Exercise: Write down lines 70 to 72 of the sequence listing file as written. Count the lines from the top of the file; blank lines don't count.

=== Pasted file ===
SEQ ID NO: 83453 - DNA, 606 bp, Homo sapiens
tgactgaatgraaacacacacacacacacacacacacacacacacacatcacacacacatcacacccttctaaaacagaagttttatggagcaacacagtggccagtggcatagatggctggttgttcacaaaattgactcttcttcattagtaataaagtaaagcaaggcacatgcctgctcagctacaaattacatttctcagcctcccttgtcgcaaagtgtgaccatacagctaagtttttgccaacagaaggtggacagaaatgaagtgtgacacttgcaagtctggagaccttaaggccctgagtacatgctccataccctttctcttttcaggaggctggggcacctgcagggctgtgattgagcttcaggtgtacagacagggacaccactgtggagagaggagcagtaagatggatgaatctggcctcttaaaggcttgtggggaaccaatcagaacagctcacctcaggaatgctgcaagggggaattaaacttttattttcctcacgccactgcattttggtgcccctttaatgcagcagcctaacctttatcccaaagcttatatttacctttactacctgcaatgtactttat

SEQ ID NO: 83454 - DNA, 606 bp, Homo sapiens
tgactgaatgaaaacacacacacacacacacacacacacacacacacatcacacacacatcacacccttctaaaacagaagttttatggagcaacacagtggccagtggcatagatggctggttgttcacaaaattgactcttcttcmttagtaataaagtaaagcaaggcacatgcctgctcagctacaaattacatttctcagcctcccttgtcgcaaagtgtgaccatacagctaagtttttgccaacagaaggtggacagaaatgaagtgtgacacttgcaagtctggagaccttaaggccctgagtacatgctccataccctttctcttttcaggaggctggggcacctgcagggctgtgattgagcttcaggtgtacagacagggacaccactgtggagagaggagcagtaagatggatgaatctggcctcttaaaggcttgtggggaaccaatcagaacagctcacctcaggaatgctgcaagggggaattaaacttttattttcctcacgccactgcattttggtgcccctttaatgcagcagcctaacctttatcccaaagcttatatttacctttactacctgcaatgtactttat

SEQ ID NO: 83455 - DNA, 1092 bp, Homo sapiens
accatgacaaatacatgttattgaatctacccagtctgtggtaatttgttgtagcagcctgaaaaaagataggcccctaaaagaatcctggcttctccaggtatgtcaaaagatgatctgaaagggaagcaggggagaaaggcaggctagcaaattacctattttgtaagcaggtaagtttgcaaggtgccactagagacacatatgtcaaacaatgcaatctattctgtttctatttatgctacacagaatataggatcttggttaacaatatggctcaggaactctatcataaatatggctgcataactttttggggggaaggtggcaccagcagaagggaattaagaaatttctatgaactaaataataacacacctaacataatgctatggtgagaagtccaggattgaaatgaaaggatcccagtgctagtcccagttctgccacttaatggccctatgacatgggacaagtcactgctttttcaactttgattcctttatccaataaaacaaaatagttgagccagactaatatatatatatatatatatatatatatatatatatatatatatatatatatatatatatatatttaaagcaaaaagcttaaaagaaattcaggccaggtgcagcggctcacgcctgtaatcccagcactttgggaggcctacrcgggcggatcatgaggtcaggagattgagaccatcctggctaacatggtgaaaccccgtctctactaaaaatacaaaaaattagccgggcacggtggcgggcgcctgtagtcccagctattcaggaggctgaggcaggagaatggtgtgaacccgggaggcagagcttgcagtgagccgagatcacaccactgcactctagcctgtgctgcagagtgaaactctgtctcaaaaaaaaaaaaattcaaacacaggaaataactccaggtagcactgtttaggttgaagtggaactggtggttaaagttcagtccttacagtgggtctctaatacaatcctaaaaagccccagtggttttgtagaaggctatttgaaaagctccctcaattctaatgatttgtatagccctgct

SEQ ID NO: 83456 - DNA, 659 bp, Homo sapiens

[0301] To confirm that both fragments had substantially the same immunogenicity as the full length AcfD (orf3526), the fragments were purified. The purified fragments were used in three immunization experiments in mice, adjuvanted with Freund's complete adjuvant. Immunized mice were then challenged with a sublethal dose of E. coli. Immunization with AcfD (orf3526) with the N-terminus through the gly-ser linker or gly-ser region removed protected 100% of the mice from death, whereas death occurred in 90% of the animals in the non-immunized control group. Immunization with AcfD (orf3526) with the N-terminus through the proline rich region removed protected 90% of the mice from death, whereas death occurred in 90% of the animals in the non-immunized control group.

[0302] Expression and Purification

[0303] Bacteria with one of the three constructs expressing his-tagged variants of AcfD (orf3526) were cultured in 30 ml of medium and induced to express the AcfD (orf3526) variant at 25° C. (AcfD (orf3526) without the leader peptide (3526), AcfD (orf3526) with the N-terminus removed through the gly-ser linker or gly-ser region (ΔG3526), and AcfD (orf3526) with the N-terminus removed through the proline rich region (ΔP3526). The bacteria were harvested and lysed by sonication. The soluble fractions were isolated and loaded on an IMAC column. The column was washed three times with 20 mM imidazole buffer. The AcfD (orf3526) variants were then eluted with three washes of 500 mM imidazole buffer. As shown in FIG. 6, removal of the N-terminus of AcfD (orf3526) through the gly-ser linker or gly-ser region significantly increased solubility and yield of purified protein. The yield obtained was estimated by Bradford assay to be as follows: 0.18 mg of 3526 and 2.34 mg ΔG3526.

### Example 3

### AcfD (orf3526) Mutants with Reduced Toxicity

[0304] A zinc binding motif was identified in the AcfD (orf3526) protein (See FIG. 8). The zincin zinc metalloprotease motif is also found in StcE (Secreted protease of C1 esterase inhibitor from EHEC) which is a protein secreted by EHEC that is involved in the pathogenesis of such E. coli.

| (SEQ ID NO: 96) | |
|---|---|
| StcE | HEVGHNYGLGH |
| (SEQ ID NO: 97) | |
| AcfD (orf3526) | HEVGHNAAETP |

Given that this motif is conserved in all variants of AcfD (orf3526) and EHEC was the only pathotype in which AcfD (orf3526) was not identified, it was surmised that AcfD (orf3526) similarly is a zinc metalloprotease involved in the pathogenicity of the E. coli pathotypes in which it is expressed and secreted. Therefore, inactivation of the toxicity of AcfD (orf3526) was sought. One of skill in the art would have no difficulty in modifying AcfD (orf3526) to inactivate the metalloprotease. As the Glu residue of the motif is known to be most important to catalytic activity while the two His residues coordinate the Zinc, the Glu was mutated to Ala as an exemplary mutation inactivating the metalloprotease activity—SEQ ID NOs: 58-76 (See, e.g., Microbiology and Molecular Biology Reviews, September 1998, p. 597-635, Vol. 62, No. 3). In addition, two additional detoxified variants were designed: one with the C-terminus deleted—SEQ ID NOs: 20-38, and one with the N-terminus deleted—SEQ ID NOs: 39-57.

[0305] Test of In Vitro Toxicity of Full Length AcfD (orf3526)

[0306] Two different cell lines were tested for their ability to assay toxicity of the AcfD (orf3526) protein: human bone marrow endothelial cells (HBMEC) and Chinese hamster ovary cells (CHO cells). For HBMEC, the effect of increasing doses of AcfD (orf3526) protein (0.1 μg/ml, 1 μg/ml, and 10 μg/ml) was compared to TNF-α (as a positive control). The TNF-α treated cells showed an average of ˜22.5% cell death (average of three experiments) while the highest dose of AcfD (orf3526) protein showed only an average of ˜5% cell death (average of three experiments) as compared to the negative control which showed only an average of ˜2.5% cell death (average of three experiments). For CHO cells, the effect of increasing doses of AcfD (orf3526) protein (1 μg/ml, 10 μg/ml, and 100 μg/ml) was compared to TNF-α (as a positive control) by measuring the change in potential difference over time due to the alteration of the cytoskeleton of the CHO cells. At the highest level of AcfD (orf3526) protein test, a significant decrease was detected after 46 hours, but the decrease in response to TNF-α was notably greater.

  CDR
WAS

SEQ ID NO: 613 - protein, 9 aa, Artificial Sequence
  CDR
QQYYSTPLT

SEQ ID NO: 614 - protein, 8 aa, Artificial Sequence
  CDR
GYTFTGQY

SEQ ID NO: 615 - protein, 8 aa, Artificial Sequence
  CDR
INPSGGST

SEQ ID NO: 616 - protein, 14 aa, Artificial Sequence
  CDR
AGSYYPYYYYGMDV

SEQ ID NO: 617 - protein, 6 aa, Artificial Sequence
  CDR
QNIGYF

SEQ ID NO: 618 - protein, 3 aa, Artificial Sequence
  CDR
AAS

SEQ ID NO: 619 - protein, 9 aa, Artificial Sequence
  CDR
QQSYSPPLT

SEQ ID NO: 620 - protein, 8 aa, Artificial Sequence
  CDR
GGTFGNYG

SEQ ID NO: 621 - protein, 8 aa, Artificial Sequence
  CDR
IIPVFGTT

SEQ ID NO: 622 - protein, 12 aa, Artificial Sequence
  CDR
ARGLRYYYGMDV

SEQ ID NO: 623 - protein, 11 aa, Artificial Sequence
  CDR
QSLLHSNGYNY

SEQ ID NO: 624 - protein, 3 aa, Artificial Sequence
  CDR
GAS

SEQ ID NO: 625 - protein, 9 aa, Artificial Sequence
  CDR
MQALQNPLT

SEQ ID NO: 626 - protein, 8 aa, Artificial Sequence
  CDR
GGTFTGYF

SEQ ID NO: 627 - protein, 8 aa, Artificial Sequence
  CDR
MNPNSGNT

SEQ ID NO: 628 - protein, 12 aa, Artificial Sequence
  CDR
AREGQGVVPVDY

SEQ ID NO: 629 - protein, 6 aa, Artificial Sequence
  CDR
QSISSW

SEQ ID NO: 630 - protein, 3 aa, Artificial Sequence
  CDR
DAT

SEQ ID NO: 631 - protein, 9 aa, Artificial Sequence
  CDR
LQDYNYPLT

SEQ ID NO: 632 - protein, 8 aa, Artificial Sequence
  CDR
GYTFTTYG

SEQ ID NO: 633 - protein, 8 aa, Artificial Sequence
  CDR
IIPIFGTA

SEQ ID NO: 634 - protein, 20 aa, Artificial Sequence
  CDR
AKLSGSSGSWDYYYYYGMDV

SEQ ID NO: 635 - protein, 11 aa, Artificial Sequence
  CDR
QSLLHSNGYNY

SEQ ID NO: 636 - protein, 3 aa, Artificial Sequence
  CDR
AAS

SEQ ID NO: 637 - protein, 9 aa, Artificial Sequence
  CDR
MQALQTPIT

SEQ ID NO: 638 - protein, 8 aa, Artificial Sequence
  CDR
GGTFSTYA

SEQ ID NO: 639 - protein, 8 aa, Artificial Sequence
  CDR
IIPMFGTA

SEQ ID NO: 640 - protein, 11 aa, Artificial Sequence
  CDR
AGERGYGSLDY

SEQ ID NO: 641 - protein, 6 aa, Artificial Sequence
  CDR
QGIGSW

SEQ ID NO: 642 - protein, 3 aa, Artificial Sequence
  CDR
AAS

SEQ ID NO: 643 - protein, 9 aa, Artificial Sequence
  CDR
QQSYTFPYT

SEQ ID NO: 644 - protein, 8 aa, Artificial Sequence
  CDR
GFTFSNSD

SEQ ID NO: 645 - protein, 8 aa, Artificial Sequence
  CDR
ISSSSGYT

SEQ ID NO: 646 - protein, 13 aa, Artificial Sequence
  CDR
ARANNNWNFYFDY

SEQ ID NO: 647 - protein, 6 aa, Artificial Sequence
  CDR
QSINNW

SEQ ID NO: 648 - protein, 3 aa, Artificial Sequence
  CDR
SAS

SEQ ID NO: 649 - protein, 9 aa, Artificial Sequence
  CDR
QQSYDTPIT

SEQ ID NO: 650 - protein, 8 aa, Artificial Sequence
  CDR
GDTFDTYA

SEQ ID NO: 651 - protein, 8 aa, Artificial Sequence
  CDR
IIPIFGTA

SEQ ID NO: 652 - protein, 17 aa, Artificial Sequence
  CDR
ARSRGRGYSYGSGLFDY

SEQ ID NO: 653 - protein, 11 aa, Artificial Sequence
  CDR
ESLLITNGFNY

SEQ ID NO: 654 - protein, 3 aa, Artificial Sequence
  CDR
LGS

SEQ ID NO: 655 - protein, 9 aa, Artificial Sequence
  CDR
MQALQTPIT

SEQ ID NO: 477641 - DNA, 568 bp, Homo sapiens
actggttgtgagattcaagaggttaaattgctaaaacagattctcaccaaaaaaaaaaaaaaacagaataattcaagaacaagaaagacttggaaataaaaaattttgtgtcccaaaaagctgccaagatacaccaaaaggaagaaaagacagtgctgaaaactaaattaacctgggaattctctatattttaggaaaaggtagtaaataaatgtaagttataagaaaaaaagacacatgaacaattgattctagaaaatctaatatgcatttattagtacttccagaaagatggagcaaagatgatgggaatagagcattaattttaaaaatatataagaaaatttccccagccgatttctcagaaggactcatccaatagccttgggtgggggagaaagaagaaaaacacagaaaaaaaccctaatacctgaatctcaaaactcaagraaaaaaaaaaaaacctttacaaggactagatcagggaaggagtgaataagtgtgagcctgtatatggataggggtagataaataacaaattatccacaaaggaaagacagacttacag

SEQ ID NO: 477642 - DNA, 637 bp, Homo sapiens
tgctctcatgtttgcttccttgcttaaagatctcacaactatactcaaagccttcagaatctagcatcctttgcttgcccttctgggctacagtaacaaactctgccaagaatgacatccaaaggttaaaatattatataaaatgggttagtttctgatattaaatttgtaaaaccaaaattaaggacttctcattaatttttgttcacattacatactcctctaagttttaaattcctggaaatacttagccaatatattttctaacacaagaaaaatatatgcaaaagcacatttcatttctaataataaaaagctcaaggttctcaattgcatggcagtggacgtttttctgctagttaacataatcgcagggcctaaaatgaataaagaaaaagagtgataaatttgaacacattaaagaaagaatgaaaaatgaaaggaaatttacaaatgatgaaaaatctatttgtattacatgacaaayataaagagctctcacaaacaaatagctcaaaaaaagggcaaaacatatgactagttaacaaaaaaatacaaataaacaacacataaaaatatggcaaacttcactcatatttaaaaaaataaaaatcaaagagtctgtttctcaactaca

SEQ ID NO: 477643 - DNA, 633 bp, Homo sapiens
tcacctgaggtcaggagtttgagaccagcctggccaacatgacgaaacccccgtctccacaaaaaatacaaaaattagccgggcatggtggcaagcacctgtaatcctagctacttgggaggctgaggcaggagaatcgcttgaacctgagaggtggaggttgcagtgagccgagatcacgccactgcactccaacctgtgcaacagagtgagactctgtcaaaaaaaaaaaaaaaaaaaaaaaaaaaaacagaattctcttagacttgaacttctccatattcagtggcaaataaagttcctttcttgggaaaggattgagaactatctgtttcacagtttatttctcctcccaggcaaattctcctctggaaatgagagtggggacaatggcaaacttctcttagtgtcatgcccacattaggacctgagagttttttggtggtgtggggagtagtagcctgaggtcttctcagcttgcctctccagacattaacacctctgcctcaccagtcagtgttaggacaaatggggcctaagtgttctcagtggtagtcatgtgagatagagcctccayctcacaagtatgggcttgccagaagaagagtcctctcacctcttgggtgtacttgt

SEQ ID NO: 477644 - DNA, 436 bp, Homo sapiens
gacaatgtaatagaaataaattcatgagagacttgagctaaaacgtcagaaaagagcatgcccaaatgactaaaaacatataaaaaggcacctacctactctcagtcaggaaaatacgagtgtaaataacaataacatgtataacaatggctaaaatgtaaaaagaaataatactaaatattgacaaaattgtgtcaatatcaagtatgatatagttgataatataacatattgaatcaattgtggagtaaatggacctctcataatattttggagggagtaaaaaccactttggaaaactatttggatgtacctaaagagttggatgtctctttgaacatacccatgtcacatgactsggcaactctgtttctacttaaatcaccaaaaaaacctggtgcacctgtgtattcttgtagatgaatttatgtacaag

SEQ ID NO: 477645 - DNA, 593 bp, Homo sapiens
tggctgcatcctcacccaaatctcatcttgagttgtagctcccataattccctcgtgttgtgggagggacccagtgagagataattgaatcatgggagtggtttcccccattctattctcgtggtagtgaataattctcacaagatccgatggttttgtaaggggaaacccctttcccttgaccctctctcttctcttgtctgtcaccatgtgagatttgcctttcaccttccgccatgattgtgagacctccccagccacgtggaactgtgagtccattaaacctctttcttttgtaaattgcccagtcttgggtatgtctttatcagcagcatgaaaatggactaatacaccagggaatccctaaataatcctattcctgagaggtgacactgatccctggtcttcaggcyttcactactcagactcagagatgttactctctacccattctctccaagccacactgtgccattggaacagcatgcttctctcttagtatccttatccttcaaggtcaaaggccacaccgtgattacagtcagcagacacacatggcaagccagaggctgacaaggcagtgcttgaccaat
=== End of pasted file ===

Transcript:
  CDR
AREGQGVVPVDY

SEQ ID NO: 629 - protein, 6 aa, Artificial Sequence